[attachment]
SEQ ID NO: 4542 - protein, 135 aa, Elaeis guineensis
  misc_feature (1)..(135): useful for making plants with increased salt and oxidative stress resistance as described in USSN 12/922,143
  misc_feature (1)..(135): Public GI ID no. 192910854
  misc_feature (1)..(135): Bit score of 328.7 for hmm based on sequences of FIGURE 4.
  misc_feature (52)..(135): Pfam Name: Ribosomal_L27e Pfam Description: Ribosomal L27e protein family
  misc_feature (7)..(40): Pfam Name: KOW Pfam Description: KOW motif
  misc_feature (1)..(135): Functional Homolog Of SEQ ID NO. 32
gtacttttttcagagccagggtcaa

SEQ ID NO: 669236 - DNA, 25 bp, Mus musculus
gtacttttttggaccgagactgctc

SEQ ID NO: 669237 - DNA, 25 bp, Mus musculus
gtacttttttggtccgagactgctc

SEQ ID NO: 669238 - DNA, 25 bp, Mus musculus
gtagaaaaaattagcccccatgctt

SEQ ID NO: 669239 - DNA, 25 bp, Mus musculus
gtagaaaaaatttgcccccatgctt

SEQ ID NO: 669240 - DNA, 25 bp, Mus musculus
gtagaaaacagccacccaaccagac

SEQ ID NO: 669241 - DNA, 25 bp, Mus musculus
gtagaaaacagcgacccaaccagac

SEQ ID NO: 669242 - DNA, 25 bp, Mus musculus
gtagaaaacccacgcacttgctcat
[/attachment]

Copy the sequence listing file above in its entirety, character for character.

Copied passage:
SEQ ID NO: 4542 - protein, 135 aa, Elaeis guineensis
  misc_feature (1)..(135): useful for making plants with increased salt and oxidative stress resistance as described in USSN 12/922,143
  misc_feature (1)..(135): Public GI ID no. 192910854
  misc_feature (1)..(135): Bit score of 328.7 for hmm based on sequences of FIGURE 4.
  misc_feature (52)..(135): Pfam Name: Ribosomal_L27e Pfam Description: Ribosomal L27e protein family
  misc_feature (7)..(40): Pfam Name: KOW Pfam Description: KOW motif
  misc_feature (1)..(135): Functional Homolog Of SEQ ID NO. 32
gtacttttttcagagccagggtcaa

SEQ ID NO: 669236 - DNA, 25 bp, Mus musculus
gtacttttttggaccgagactgctc

SEQ ID NO: 669237 - DNA, 25 bp, Mus musculus
gtacttttttggtccgagactgctc

SEQ ID NO: 669238 - DNA, 25 bp, Mus musculus
gtagaaaaaattagcccccatgctt

SEQ ID NO: 669239 - DNA, 25 bp, Mus musculus
gtagaaaaaatttgcccccatgctt

SEQ ID NO: 669240 - DNA, 25 bp, Mus musculus
gtagaaaacagccacccaaccagac

SEQ ID NO: 669241 - DNA, 25 bp, Mus musculus
gtagaaaacagcgacccaaccagac

SEQ ID NO: 669242 - DNA, 25 bp, Mus musculus
gtagaaaacccacgcacttgctcat